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Are Basements Safe During Tornadoes? Signs, Tips & FAQ

flag on a pole after tornado

For many decades, basements have been an integral part of many American homes. They are spacious and cozy, and you can both relax and get some work done there. But will you be safe down there during a natural disaster? Can it protect you from a tornado? Yes, as long as the basement is made of concrete and properly sealed, it will be the safest place to hide in during a tornado. You can always make it safer, of course.

There are some simple yet effective rules to follow to weather the storm. In this guide, we’ll talk about how to get the basement ready, how to predict an upcoming tornado, the difference between tornadoes and hurricanes, and the most at-risk states. Alright, let’s get right to it!

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What Is the Purpose of a Basement?

Originally, basements were invented for storing goods. They used to be much smaller, colder, and more humid. However, during the Industrial Revolution¹ in the US, basements became warm, well-lighted, and tightly sealed. Most house plans put the furnace, water tank, pipes, and cables down there to free up room in the rest of the house. Speaking of rooms, you can also use the basement as a gym, office, or playground.

Plus, when it’s too hot outside, the basement will keep you nice and warm (but also humid if it’s not weatherproofed). Last, but not least, since these structures serve as the foundation and are usually 8 feet deep into the ground, they can protect you from most natural hazards. Does that mean you should hide there during a tornado? Let’s talk about that next.

basement under construction
Image Credit: ungvar, Shutterstock

Is It Effective Against a Tornado?

Basements are the safest place in a single-family house to take shelter during a tornado. Essentially, a basement is an underground fortress that’s practically impossible for a tornado to “crack”. You could also try to hide underneath a workbench, bed, or table. But, in most cases, that won’t be necessary. Just wait it out and let the tornado pass.

And remember: no other room in the house will be able to protect you as much as a basement or a cellar will. Even if the whole house is built from concrete, the basement will keep you safe from debris, which can’t be said about the kitchen, living room, or any of the bedrooms. Slabs don’t offer any protection (as they’re just a thick layer of concrete), while crawl spaces are even less secure than the top floor.

What Can You Do to Stay Safe?

If you’re living in a brand-new house and the basement was built from block walls, poured-in-place concrete, or, let’s say, bricks or stone, that should be enough to safeguard you and your family from the mightiest storms. Weatherproofing also plays a big role here. While sealants are mostly used against floods, insects, and rodents, we’d still recommend getting a decent-quality sealant for, well, sealing the walls and the floor.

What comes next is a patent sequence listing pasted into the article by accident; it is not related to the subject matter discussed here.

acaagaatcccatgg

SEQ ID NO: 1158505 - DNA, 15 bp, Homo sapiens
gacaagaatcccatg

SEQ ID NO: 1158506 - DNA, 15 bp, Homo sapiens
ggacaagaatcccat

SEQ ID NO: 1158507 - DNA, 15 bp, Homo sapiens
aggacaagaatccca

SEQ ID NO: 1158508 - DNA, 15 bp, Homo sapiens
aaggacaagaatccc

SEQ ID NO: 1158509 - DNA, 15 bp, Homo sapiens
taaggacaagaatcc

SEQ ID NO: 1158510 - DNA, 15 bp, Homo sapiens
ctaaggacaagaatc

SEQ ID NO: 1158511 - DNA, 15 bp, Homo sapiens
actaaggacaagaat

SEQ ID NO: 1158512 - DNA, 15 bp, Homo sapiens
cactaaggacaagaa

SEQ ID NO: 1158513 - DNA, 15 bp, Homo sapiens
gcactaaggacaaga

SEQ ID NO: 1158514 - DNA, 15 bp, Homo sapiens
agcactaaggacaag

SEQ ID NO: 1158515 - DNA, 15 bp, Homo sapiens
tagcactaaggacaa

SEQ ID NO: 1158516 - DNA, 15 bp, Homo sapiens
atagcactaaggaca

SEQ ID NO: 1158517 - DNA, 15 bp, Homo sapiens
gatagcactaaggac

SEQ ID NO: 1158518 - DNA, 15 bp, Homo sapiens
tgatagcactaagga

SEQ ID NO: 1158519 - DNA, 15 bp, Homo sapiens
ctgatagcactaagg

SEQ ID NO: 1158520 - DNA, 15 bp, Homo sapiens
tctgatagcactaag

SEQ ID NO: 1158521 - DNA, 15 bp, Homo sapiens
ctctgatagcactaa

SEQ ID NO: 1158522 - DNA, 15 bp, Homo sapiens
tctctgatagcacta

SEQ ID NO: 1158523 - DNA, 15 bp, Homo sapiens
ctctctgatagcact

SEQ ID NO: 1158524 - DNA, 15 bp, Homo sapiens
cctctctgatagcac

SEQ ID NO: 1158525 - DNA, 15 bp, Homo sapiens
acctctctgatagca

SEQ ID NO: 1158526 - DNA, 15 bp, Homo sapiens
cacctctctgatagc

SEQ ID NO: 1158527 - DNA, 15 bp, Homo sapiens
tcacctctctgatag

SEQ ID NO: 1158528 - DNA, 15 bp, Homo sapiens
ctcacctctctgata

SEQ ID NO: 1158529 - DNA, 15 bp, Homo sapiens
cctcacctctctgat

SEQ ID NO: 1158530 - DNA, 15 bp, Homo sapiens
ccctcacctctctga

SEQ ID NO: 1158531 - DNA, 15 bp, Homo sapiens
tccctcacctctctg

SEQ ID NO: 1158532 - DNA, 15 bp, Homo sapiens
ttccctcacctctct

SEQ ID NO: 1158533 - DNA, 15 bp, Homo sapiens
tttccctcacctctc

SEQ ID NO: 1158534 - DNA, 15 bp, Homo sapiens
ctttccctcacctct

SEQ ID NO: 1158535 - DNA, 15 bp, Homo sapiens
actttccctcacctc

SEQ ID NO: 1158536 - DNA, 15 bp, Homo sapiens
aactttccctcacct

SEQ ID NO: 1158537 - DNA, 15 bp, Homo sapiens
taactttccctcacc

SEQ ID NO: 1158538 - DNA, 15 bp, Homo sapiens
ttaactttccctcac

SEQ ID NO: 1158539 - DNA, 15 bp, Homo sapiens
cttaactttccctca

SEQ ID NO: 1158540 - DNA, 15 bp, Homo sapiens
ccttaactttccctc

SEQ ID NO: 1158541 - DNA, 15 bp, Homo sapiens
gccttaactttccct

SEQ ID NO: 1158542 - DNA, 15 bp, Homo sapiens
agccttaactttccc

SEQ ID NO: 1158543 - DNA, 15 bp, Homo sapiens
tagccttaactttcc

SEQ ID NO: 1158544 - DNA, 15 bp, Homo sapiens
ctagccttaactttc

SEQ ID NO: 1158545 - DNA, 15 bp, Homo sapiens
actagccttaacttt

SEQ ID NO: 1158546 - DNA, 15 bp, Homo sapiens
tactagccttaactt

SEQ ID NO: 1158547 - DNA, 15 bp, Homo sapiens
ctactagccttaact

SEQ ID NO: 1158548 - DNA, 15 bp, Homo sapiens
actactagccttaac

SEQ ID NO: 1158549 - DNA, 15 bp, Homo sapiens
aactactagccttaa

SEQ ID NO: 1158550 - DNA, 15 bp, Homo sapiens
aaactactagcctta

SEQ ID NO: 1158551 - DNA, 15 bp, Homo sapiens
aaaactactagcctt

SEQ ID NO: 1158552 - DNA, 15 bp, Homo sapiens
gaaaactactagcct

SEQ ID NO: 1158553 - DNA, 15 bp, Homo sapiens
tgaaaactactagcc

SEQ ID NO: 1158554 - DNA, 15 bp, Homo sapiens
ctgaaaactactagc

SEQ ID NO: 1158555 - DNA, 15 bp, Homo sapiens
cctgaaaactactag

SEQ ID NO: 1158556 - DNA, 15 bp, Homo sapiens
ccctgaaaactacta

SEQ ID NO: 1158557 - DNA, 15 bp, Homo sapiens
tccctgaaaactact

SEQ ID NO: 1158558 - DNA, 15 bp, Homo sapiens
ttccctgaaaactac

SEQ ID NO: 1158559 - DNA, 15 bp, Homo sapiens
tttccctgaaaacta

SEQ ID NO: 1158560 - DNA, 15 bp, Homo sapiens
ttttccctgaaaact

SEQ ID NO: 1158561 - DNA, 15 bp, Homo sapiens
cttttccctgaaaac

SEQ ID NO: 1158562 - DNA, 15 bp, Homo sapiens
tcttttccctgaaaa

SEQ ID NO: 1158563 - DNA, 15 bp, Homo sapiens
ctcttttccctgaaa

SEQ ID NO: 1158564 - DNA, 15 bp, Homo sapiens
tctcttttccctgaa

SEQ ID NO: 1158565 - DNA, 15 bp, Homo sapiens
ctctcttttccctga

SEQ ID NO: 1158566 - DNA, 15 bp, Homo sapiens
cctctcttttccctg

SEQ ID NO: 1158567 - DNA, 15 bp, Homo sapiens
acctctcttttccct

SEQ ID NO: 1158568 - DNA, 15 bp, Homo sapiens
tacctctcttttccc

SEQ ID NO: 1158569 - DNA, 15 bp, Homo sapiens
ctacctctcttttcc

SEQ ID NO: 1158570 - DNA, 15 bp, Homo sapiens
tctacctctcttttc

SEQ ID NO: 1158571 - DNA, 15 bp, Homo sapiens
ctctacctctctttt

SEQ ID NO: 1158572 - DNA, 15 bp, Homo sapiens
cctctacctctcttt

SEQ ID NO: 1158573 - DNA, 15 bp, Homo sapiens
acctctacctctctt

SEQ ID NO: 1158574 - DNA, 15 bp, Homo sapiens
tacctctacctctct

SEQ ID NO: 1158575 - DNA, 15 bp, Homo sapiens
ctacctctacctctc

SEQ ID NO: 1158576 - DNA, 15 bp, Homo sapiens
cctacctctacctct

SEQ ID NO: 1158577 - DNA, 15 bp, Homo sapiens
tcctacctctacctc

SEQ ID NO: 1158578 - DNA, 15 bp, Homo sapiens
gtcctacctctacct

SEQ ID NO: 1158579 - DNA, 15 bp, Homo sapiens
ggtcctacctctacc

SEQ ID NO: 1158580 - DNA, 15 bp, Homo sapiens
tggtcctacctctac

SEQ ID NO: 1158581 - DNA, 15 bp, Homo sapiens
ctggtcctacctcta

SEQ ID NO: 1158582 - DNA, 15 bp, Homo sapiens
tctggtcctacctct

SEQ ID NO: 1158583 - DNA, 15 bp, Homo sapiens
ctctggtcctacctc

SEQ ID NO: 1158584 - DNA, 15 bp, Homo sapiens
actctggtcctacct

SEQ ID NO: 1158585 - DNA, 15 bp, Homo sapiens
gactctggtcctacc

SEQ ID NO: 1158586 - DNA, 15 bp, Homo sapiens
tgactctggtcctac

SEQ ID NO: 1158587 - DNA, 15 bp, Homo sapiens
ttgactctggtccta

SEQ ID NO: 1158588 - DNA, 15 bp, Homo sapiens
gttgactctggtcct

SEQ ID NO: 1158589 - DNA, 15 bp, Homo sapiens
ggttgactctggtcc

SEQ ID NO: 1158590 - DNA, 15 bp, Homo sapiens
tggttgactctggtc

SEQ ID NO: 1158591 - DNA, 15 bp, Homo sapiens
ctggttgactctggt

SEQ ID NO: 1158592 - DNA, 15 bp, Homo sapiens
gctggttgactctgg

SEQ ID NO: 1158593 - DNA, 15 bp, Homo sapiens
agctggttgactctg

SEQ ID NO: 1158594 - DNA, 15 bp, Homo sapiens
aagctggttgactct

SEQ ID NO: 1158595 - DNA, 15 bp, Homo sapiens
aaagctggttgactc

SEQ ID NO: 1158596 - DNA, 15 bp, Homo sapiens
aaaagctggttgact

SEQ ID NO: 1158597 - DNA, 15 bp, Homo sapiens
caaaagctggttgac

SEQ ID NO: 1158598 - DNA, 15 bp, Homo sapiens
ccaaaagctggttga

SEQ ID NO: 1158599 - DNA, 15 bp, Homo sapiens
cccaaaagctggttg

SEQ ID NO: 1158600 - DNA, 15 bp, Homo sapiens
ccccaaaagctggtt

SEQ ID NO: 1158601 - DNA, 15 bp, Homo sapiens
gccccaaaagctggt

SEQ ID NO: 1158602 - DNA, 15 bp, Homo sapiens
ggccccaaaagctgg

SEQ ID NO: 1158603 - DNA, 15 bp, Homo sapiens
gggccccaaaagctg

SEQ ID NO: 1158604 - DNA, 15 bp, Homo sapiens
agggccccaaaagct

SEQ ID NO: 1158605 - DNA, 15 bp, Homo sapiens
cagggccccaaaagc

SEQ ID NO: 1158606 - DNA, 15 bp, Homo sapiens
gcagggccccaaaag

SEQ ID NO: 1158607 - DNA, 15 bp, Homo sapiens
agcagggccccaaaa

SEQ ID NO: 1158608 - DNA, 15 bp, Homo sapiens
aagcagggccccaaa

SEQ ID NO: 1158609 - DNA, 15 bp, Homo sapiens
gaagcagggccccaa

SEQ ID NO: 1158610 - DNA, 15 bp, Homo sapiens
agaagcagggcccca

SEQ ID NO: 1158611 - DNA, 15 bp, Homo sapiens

Now, if the news is reporting a severe tornado, and they’re telling you exactly which direction it will come from, gather around in the opposite corner. If there’s no info on that, the center will be your best bet¹. The farther away you are from the windows (if there are any in the basement), the better. The same is true for water tanks, laundry machines, and furnaces.

Image Credit: Prettysleepy, Pixabay

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Getting Ready to Face a Tornado

Sealing the basement and finding the safest spot to be in are the two most important things to do during a storm. But, you should also check weather reports and turn the electricity off, not to mention put food, water, medicine, and other stuff there to make this experience as smooth and easy as possible:


  • Listen to Local Weather Forecasts. Tune in to weather news and keep your eyes and ears open. You can listen to the Weather Channel, go to, or check out what they’re saying on local news. Tornadoes can be scary when you don’t know how big they are. Fortunately, in most US states, they’re pretty small and short-lived: that should give you peace of mind.
  • Get Fully Stacked. We’re talking about snacks, warm clothes, and a charged phone or tablet. Again, most tornadoes only last for 20–30 minutes¹. However, it’s not rare for a tornado family¹ to attack a certain area, and when that happens, you’ll be stuck in the basement for a lot longer. Besides, it will take some time for emergency workers to reach you.